Describes the main process, and explores the problems encountered, during the ACTIONAID-Nepal utilization survey in the Rural Development Area of Sindhupalchowk, in September 1991. Objectives of the survey were: to assess how far the ideas and assets which the community has developed with Action Aid Nepal are being utilised, and the community's perception of the impact of these; to involve the community and thus increase their understanding; to increase AAN's understanding of the conditions of the poorest. The week of survey work was carried out by teams which comprised of the Community Development Committee (CDC) members, other local people and staff facilitators - staff, but not community members, were trained in PRA. Selective tools and techniques of PRA methods were used to gather all the information; the village map (of which examples are given in the appendix) was the most extensively used, semi-structured interviews were employed to collect information on household's participation in activities, and time trend and preference ranking methods were also drawn upon. Problems encountered in the survey were that indicators had not been agreed through a participatory process, the three-day training in PRA techniques was found to be insufficient, and structured questions left gaps and revealed bias. The bulk of the report is devoted to the survey findings
Section seven of this workshop report focuses specifically on M&E and Project Benefit M&E (PBME). The introduction to this section lists some of the shortcomings, or 'weaknesses', of a "conventional" M&E program and then highlights some of the main 'potential contributions' from RRA methodologies for M&E activities. These include; increasing the cost effectiveness of data collection in areas such as cropping calendars, labour profiles, and crop and input prices; helping in determining cropping parameters and; improving the effectiveness monitoring through the use of diagnostic surveys. In the second section, Mick Howes explores the uses of RRA methodologies to evaluate NGO projects. Using the example of the preliminary study of an irrigation tank renovation project in Sri Lanka, the author provides a useful account of an evaluation approach which employs some RRA methods in determining 'the context', 'the impact, 'project the system' of the NGO's intervention. Methods included mapping techniques, group interviews and household case studies. In the concluding discussion, the author suggests points in which RRA methods may be further employed to improve both the case study evaluation and other participatory forms of evaluation of NGO projects.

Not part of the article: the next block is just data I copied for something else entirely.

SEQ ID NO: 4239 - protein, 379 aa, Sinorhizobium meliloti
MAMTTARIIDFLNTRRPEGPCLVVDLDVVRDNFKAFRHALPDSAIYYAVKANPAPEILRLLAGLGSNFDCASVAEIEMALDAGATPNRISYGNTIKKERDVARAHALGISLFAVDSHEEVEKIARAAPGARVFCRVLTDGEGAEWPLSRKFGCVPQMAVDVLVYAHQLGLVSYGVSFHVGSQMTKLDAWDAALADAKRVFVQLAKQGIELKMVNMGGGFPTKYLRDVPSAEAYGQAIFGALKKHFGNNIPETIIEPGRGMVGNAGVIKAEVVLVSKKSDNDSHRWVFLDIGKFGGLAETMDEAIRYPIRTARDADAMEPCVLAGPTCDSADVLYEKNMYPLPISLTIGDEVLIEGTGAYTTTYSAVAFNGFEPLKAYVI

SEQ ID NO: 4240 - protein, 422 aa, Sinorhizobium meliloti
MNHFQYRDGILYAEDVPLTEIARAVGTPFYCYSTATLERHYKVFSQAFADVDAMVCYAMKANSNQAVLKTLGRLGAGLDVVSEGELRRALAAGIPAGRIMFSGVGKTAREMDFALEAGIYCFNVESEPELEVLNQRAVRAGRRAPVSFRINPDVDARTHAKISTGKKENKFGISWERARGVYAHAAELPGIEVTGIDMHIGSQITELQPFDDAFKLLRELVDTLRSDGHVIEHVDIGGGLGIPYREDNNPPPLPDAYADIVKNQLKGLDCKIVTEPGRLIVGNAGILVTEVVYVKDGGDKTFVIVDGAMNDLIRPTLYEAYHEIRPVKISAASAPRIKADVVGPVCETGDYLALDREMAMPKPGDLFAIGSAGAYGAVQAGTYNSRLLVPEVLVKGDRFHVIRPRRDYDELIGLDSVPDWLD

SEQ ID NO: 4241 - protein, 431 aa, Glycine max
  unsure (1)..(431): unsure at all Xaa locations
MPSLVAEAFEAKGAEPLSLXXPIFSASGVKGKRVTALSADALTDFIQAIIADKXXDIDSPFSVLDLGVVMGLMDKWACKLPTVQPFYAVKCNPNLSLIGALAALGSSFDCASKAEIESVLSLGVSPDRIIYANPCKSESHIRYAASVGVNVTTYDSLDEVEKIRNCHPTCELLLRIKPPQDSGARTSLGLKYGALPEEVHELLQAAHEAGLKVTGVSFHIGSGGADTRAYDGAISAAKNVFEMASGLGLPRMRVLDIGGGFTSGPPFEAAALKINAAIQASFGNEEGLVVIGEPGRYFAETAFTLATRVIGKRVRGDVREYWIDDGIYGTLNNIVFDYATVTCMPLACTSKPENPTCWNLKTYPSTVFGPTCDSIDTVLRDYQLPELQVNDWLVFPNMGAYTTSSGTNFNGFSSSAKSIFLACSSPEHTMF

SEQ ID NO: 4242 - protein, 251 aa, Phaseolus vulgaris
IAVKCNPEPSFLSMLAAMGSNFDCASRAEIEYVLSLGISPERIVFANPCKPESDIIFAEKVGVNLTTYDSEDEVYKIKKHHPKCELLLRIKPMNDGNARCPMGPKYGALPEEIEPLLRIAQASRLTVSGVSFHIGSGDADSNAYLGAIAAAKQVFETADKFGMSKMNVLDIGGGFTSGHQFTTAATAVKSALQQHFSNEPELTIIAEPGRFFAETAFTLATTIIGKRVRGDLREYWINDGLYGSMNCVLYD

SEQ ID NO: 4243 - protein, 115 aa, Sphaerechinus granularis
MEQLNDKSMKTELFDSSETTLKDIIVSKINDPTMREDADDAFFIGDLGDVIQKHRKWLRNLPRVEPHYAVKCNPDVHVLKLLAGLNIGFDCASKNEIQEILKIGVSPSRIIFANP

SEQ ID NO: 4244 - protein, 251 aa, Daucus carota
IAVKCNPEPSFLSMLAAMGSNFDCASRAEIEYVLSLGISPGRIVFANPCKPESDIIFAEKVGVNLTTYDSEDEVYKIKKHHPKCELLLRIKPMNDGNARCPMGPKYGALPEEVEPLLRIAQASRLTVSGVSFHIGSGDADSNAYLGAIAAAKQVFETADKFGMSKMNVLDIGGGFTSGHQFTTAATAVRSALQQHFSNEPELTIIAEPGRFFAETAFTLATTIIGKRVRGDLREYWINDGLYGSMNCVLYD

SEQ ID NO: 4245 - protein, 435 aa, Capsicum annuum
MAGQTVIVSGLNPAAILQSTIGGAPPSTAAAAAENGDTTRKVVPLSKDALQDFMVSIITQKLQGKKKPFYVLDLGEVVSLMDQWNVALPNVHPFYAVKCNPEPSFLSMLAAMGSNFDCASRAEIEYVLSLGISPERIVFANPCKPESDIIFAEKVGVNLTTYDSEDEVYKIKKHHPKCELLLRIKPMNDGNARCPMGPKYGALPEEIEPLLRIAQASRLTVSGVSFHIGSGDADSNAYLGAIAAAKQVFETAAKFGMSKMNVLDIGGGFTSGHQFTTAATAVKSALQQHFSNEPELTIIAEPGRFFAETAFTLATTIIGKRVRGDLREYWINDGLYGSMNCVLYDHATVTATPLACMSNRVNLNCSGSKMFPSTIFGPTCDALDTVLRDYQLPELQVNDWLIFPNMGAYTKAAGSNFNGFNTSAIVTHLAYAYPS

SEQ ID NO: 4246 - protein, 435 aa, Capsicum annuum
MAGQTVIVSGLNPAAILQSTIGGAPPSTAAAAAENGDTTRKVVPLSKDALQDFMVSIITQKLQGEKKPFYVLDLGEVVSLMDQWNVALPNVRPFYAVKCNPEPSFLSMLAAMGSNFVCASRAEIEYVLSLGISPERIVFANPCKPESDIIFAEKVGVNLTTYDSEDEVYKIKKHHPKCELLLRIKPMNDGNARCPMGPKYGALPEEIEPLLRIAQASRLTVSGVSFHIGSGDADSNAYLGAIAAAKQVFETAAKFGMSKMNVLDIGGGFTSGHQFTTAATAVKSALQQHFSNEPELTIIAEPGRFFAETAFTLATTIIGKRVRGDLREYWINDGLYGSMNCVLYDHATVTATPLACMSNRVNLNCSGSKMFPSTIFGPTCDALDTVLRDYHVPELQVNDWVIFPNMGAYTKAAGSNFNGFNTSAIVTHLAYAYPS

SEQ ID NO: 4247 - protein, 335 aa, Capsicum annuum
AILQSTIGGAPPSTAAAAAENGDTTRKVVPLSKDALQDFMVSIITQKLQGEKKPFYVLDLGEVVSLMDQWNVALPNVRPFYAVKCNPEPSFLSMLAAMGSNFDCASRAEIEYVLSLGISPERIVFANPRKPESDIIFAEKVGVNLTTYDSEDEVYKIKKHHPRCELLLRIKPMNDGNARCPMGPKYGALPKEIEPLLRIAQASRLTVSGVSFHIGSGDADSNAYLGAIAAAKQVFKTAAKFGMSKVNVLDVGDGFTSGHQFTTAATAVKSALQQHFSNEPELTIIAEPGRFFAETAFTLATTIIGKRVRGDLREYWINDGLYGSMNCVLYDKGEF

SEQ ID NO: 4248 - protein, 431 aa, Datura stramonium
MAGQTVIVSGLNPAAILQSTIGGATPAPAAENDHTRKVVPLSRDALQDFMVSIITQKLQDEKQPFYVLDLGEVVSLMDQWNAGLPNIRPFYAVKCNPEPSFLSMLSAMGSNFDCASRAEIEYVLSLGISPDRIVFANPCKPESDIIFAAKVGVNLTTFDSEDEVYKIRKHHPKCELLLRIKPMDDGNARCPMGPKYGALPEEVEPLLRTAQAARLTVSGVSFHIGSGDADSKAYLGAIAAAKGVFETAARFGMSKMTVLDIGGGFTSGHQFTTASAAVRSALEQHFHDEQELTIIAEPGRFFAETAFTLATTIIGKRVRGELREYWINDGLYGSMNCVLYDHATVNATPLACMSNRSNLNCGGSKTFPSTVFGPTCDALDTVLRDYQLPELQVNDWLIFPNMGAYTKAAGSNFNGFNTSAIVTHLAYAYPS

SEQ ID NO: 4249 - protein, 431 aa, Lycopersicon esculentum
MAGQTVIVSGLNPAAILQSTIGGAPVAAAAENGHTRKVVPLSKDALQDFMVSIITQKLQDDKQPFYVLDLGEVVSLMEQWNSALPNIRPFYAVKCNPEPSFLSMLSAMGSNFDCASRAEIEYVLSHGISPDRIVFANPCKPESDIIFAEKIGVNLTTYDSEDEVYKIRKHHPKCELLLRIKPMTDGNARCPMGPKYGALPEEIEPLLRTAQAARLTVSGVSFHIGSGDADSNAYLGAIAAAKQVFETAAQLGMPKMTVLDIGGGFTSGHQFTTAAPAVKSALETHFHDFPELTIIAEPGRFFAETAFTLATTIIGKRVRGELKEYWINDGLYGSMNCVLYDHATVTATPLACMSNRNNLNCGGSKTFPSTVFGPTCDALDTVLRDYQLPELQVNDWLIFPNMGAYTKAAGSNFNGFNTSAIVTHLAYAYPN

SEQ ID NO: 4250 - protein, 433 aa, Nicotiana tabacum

Integrating formal sample surveys and Rapid Rural Appraisal techniques: summary based on Rapid Rural Appraisal techniques and the monitoring and evaluation of IFAD projects in Sudan
This summary is based on a report written for the Monitoring and Evaluation Division of the IFAD, with the general objective of examining the use of RRA methods for M&E. That report proposes a taxonomy of survey/RRA techniques and methods, which can be regarded as "a menu", thereby allowing choices to fit the precise needs of the user of information and institutional context. As such, the author argues, RRAs and formal surveys can be mixed to great effect. The criteria for such a taxonomy is outlined in this paper, as is a summary table of the main RRA techniques. The lessons from case study RRAs discussed in the original report are mostly positive, confirming "the value of weaving an RRA in to existing data" and showing how a low cost M&E system could be built on this. This is a useful and stimulating report with some clear summary diagrams and an extensive bibliography.
RAP: Rapid Assessement Procedures: qualitative methodologies for planning and evaluation of health related programmes
The International Conference on Rapid Assessment Methodologies for Planning and Evaluating Health Related Programmes, was organised by the United Nations University, at the Pan American Health Organisation headquarters in 1990, to "explore anthropologically based methodologies for the design, evaluation, and improvement of programmes of nutrition and primary health care". The 42 chapters on Rapid Assessment Procedures [RAP], Rapid Rural Appraisal [RRA], and related approaches deal with a range of research tools. The book is divided in to seven sections: 1. The expanding role of Qualitative research in International Development; 2. Development and applications of RAP procedures in Africa, Asia and the Americas; 3. Community Participation and RRA; 4. Institutionalization of RAP; 5. Training for RAP and other qualitative methods; 6. Bringing RAP to the decision-making realm: effective communication and use; 7. Conference summary, comments, speakers and participants. The overall focus is on planning and evaluation of nutrition and health related intervention programs, but much that is discussed will have a direct bearing on other social development sectors. The stated aim of the volume, of contributing "toward increasing the understanding of RAP and RRA, both as tools of investigation and potentially as integrated components of the community development process itself", highlights this point.